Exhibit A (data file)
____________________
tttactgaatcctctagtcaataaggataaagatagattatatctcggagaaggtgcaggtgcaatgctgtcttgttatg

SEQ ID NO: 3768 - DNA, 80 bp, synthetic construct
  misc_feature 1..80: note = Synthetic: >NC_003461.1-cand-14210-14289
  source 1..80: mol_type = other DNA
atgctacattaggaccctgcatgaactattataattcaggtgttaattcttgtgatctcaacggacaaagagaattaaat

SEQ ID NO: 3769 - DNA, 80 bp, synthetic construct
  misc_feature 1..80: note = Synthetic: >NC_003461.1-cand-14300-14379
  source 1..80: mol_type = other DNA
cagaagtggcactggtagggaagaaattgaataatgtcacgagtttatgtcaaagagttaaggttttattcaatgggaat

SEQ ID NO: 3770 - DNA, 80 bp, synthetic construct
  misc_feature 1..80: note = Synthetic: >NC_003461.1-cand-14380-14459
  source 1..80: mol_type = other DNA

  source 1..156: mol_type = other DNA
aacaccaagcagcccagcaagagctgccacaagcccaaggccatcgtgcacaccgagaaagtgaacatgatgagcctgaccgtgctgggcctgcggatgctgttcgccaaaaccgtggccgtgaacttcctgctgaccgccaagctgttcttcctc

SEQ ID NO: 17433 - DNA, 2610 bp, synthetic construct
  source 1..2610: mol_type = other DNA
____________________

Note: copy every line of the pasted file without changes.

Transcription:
tttactgaatcctctagtcaataaggataaagatagattatatctcggagaaggtgcaggtgcaatgctgtcttgttatg

SEQ ID NO: 3768 - DNA, 80 bp, synthetic construct
  misc_feature 1..80: note = Synthetic: >NC_003461.1-cand-14210-14289
  source 1..80: mol_type = other DNA
atgctacattaggaccctgcatgaactattataattcaggtgttaattcttgtgatctcaacggacaaagagaattaaat

SEQ ID NO: 3769 - DNA, 80 bp, synthetic construct
  misc_feature 1..80: note = Synthetic: >NC_003461.1-cand-14300-14379
  source 1..80: mol_type = other DNA
cagaagtggcactggtagggaagaaattgaataatgtcacgagtttatgtcaaagagttaaggttttattcaatgggaat

SEQ ID NO: 3770 - DNA, 80 bp, synthetic construct
  misc_feature 1..80: note = Synthetic: >NC_003461.1-cand-14380-14459
  source 1..80: mol_type = other DNA

  source 1..156: mol_type = other DNA
aacaccaagcagcccagcaagagctgccacaagcccaaggccatcgtgcacaccgagaaagtgaacatgatgagcctgaccgtgctgggcctgcggatgctgttcgccaaaaccgtggccgtgaacttcctgctgaccgccaagctgttcttcctc

SEQ ID NO: 17433 - DNA, 2610 bp, synthetic construct
  source 1..2610: mol_type = other DNA